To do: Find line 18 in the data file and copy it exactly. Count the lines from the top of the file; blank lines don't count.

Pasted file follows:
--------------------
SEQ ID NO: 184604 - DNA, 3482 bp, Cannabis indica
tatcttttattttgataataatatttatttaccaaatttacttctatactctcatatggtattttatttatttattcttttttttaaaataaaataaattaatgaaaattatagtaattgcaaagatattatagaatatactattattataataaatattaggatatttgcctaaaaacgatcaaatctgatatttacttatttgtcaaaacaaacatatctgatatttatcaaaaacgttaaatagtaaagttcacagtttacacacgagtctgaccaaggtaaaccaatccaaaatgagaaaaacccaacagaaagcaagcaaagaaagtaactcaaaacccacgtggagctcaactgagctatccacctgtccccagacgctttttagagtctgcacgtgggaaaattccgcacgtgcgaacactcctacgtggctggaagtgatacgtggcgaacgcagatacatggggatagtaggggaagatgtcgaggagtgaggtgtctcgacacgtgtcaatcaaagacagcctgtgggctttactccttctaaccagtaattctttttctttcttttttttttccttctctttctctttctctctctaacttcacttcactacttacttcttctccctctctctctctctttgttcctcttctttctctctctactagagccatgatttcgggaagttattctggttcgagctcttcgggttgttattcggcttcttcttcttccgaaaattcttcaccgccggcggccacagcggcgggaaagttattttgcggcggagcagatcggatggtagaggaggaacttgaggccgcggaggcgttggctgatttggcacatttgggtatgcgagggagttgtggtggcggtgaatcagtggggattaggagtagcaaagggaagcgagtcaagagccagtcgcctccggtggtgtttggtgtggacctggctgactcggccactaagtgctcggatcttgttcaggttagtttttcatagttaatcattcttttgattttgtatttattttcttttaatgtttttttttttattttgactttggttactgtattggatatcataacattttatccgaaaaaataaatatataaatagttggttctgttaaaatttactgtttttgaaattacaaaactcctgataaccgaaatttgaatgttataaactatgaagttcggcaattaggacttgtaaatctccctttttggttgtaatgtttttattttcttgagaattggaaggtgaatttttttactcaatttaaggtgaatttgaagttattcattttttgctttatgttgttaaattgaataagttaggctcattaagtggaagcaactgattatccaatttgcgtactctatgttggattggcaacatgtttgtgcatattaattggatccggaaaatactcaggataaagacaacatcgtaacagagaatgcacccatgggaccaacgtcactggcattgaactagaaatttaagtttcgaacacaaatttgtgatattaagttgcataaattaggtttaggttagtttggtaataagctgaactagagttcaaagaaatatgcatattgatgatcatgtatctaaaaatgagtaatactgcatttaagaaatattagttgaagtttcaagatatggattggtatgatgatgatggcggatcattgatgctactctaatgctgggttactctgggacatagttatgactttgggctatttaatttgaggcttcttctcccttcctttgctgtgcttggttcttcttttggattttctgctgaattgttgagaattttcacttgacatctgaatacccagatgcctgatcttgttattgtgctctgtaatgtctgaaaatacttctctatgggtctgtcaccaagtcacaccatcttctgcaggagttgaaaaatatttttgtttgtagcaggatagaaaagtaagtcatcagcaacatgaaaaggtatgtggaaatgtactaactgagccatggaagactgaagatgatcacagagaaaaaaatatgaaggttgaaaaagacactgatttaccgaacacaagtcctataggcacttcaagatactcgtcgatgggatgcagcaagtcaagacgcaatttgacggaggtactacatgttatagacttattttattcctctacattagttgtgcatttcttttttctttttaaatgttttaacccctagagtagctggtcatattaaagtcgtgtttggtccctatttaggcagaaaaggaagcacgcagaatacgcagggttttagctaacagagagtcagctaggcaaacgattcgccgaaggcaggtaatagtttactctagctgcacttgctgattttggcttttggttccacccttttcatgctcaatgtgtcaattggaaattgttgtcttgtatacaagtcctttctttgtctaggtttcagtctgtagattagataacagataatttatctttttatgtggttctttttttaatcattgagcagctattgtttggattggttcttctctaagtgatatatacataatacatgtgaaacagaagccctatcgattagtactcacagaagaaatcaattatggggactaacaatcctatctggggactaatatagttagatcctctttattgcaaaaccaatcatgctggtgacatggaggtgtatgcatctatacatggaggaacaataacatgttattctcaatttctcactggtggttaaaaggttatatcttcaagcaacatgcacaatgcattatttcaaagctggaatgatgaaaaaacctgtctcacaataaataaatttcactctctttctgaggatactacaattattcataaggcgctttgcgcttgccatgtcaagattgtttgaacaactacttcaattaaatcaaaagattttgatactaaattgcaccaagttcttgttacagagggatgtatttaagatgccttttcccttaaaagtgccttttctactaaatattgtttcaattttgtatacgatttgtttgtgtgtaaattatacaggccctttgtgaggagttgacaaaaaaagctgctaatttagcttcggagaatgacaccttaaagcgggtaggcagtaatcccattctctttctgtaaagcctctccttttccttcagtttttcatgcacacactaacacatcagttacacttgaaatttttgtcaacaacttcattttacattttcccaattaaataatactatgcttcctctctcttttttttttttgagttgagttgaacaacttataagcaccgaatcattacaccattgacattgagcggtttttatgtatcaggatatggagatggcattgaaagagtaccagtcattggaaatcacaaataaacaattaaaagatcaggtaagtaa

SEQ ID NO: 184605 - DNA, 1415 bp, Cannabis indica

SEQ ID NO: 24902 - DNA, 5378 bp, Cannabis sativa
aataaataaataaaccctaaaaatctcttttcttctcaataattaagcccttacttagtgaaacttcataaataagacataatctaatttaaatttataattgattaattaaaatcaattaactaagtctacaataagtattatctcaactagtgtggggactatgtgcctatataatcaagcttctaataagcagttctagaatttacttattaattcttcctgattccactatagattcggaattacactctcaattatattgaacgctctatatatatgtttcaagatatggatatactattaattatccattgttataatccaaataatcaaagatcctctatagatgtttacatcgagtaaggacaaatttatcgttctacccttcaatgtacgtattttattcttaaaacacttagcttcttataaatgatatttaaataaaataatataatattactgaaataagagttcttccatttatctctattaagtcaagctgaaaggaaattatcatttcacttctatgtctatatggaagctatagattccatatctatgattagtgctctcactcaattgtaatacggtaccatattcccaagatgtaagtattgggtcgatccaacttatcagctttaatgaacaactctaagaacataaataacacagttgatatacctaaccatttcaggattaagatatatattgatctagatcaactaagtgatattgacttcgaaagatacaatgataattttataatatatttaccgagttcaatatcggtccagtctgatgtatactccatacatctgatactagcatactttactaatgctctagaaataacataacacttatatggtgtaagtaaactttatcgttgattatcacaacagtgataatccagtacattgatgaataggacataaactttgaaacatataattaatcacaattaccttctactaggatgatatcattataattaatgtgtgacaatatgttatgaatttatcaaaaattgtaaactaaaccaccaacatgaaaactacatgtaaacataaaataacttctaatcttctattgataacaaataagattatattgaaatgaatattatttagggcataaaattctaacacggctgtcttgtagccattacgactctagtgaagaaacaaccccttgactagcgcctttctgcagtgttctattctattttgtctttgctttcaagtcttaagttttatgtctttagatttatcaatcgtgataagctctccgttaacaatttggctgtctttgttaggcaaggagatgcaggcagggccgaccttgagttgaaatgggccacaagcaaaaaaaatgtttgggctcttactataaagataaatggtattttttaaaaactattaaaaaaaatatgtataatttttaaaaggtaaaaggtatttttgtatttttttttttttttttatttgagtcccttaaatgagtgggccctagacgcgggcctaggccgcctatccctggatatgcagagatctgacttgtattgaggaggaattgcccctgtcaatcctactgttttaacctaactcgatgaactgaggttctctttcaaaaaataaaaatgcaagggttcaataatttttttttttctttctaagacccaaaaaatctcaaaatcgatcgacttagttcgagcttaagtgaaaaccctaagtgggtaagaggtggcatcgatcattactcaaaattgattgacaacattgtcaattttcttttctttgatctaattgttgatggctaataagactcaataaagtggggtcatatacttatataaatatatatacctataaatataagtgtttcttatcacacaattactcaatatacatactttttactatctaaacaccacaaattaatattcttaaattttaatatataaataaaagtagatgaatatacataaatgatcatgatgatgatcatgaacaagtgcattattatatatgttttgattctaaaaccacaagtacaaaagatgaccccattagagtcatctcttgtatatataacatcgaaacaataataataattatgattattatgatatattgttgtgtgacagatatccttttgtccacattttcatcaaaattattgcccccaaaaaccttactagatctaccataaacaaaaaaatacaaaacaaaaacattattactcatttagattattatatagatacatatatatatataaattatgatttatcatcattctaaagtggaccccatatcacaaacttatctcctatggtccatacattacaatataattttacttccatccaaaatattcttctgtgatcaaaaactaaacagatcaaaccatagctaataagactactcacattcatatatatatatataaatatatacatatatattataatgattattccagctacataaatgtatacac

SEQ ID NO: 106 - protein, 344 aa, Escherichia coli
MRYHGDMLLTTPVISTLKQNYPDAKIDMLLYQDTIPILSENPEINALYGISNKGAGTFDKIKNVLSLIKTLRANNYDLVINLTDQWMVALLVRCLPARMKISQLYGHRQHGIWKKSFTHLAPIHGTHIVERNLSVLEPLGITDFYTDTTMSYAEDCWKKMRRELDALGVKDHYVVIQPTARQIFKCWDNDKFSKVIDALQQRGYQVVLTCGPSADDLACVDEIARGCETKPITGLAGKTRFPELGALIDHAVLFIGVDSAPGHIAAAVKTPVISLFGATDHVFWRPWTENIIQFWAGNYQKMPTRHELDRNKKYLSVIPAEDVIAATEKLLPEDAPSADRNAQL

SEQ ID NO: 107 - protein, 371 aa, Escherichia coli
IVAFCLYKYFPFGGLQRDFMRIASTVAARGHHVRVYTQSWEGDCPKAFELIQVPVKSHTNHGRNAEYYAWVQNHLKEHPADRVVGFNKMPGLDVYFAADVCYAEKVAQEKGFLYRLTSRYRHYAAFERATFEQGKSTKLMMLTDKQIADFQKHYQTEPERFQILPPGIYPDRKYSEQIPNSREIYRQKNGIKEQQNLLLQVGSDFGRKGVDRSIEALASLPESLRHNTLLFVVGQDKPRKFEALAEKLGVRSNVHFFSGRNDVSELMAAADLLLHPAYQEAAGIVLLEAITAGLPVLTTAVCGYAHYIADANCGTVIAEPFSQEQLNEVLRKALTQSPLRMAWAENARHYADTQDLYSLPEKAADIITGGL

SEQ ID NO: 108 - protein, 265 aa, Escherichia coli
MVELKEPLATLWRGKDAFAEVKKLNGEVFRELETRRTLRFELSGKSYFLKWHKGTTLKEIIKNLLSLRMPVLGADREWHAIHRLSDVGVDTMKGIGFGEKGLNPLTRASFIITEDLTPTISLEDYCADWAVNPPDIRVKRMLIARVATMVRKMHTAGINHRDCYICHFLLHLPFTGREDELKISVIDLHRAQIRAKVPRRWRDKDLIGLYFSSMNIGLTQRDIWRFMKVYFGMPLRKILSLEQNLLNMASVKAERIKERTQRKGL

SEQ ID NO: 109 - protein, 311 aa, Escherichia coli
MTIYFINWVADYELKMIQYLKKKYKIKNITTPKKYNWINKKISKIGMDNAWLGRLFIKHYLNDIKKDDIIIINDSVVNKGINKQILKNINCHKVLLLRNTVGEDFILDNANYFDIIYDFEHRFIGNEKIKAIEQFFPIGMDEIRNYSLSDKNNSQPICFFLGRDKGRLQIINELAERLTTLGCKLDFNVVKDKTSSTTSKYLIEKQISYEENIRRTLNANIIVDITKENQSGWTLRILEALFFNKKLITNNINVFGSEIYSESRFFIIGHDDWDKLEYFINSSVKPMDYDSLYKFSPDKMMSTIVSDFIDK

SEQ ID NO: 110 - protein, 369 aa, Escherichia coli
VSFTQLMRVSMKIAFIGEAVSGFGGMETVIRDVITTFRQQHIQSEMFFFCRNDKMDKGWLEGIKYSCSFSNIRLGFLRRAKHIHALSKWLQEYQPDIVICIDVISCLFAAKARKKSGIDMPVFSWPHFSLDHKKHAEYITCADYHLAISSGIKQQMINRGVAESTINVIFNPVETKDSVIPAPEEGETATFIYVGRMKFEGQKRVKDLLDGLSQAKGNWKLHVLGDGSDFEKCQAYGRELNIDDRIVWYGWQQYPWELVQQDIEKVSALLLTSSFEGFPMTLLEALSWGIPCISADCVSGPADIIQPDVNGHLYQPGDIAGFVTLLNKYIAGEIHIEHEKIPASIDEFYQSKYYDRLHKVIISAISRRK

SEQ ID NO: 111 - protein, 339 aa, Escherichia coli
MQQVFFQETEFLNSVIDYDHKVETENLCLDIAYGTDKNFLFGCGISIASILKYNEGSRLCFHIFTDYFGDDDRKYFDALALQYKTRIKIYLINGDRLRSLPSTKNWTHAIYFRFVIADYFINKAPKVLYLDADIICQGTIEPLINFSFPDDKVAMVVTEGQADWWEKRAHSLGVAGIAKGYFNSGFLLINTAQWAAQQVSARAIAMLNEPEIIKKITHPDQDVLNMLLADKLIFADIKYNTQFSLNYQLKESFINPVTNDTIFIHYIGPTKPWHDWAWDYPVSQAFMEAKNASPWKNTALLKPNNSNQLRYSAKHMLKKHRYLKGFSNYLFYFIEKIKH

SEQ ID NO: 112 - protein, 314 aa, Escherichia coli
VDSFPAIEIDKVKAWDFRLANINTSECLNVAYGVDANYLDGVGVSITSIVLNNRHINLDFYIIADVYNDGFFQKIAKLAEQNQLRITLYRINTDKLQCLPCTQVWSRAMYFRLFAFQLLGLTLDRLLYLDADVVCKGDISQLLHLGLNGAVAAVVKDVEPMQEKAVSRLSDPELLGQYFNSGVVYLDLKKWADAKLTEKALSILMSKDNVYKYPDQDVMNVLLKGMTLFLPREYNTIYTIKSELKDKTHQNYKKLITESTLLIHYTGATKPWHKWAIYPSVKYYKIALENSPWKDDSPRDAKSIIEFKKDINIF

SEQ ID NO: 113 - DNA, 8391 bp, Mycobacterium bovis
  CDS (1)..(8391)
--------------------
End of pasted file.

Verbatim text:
SEQ ID NO: 112 - protein, 314 aa, Escherichia coli